Social media buttons seem to be everywhere, except when you want one. I am often frustrated by not being able to share an interesting article, or by the difficulty of finding a company or individual’s social media handle so I can follow them. I have finally come to the conclusion that the major reason for this sorry state of affairs is that many casual users cannot distinguish between social sharing buttons and social media follow buttons, and many professionals are sloppy when planning and building the websites and blogs where buttons appear.
Social Media Follow Buttons vs Social Sharing
First, the basics. Clicking a social button or icon triggers a bit of code to perform a specific action. Following and sharing are two distinct actions applied to two different things.
- When you’re following, you’re following a brand or a site as a whole.
- When you’re sharing, you’re sharing a specific bit of content.
Social Media Follow Buttons: These buttons serve to promote your business’ presence on various social media sites and help you generate fans/followers for those particular accounts. By placing these buttons on your business’ website, you can help to create visibility for your social media accounts and easily extend your reach on the sites. You place these buttons on your website, and it’s generally recommended at least placing these buttons on your website’s main homepage, your ‘About Us’ page, and your blog’s homepage. The most popular buttons include the “Official Twitter Follow Button,” “Facebook Like Box,” “LinkedIn Company Profile Plugin,” and “Google+ Page Button.”
Social Media Share Buttons: These buttons enable your website visitors and content viewers to easily share content that is on your site with their social media connections and networks. Adding these buttons to your content allows you to expand the reach of your content to a larger, new audience, and can generate new visitors back to your website. You should add social media sharing buttons to every piece of content you create, including landing pages, web pages, individual blog articles, and email content. The “Official Tweet Button,” “Tweet This Link,” “Facebook Like Button,” “Facebook Share Link,” “LinkedIn Share Button,” “+1 Button,” and “Google+ Share Link” all serve as social media sharing buttons.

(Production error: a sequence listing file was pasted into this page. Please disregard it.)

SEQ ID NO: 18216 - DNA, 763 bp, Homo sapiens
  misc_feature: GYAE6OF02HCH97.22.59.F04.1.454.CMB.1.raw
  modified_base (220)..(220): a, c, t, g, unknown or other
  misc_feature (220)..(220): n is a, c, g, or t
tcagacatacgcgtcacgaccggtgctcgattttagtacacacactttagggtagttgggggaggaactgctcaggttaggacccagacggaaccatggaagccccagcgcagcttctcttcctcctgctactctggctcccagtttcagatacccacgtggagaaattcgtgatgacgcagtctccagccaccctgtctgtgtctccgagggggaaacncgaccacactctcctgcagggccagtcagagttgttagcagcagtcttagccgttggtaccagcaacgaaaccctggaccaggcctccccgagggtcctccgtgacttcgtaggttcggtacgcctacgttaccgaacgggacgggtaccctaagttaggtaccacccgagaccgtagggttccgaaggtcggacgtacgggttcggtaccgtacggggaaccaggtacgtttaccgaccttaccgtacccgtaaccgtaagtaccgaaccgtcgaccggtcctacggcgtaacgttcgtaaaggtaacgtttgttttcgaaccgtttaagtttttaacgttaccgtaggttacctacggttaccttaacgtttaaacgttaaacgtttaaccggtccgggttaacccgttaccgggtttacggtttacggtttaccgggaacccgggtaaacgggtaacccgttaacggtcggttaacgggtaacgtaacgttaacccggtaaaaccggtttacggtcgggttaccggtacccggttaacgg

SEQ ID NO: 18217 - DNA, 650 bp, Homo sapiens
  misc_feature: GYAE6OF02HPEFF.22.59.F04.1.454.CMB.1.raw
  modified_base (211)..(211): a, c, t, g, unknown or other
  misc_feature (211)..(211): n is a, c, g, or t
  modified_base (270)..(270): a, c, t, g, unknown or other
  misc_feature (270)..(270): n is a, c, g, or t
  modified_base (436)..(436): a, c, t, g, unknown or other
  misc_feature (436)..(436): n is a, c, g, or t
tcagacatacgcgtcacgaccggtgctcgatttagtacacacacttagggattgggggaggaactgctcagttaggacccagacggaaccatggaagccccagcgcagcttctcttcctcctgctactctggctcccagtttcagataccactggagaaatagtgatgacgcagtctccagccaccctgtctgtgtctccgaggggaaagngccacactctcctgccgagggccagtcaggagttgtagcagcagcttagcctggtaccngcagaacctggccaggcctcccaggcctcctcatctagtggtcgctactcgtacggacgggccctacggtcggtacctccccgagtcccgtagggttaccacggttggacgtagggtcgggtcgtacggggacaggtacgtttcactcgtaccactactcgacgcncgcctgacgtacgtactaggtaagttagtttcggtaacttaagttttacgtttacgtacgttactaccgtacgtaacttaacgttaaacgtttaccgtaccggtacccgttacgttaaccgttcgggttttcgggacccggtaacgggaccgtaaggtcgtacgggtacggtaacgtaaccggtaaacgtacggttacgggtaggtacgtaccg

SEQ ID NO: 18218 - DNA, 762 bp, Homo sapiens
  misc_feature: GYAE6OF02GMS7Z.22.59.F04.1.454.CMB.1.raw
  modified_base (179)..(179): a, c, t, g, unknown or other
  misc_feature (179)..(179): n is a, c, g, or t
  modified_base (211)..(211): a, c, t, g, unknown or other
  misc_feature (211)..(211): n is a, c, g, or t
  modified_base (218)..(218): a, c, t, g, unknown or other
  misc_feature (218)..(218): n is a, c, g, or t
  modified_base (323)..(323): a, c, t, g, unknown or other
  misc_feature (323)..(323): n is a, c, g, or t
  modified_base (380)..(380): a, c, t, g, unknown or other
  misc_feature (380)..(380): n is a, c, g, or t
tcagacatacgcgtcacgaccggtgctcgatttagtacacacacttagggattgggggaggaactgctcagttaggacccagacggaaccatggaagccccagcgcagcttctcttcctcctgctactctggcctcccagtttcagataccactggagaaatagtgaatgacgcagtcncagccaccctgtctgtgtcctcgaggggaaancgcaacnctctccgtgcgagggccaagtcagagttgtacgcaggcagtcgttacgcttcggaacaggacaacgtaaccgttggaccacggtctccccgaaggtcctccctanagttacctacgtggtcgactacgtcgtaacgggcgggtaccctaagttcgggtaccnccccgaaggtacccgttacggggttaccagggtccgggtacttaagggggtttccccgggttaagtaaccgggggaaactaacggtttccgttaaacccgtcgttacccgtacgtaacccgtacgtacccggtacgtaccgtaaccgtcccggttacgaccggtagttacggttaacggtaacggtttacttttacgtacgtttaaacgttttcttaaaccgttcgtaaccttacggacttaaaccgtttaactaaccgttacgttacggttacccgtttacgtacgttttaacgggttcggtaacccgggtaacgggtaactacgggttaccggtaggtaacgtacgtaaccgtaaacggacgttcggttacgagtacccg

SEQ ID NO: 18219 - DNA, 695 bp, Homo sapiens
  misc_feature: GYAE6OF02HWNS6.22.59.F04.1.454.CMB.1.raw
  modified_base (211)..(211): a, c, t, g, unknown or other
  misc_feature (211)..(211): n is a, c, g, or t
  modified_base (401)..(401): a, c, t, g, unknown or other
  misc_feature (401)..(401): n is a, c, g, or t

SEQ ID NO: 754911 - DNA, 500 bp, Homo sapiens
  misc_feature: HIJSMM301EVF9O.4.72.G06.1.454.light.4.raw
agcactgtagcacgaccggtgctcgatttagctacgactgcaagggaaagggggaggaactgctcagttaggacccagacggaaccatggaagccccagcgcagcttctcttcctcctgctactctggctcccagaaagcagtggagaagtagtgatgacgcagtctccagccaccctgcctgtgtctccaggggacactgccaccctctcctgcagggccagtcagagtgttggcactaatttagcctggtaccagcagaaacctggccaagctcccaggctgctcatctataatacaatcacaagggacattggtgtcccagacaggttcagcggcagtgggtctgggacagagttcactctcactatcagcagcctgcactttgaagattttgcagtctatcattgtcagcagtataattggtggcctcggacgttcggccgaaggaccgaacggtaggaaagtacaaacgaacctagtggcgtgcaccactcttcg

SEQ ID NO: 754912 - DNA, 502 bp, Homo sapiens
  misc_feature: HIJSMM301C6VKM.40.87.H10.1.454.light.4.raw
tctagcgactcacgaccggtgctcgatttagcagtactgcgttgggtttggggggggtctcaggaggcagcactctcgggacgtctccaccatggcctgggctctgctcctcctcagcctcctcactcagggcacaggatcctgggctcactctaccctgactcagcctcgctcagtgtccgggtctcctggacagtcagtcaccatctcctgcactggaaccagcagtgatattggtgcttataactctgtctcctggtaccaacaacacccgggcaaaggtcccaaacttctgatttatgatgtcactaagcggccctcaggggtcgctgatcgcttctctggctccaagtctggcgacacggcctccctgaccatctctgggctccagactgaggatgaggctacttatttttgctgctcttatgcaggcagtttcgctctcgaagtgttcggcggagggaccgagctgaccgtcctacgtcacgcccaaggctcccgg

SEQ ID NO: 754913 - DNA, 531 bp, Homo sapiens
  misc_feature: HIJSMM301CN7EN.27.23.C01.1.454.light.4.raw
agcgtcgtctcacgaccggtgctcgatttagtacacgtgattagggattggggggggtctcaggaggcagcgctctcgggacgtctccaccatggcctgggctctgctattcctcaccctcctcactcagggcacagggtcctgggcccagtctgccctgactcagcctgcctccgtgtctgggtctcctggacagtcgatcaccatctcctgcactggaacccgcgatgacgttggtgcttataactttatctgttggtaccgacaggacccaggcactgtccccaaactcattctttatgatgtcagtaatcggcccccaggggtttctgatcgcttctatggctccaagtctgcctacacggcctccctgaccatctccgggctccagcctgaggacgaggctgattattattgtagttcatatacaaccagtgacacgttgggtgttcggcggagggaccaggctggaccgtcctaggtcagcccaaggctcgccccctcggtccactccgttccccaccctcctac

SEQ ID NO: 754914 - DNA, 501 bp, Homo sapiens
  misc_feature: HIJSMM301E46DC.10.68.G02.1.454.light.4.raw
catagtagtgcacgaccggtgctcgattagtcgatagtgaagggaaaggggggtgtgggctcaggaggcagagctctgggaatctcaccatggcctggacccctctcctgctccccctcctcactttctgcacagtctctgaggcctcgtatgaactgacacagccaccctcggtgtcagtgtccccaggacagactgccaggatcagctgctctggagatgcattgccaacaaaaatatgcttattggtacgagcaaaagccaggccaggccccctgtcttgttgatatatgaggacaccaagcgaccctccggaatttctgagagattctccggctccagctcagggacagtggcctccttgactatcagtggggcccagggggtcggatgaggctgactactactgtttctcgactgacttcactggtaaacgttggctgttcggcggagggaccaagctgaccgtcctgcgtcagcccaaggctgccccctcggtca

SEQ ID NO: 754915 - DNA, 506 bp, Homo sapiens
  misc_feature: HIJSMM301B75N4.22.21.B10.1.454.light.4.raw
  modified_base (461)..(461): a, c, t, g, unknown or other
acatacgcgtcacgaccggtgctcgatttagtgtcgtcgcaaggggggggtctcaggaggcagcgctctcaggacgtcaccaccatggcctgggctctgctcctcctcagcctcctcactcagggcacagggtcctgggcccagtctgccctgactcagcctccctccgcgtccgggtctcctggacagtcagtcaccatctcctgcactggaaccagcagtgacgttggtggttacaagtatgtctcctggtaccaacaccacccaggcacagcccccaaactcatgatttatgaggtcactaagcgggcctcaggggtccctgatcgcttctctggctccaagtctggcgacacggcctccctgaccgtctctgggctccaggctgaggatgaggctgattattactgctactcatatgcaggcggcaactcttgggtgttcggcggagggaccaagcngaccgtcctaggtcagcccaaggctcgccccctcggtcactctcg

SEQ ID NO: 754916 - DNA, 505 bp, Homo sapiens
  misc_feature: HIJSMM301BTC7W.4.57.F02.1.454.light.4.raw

Two Sets of Social Media Buttons
Ask yourself, which one are you trying to do? Or are you trying to do both? Having both share and follow in the same horizontal space can be confusing. Generally you want to place the follow page button in the header and/or footer of the page and place the share button adjacent to the content – placement could be to the left in a bar or at the end of content as on on this post.
When you have both Follow button and a Share content button on the same page, you just want to make sure they’re placed in context so the readers don’t get confused as to what they’re doing.
Or you can place them on different pages like the New York Times does it… the Follow Us links are displayed only on their homepage. The news articles only have Sharing links.
No One Right Way
Usability is based on your audiences, your objectives and your website, so there is no one right way to answer the one set of social buttons or two question. The key is to think it through, and to communicate your decisions clearly to the team building your website. Check out Marketo’s recent website audit post for a useful checklist.
It’s Time to Audit Your Website’s Social Functionality – B2B Marketing (Marketo)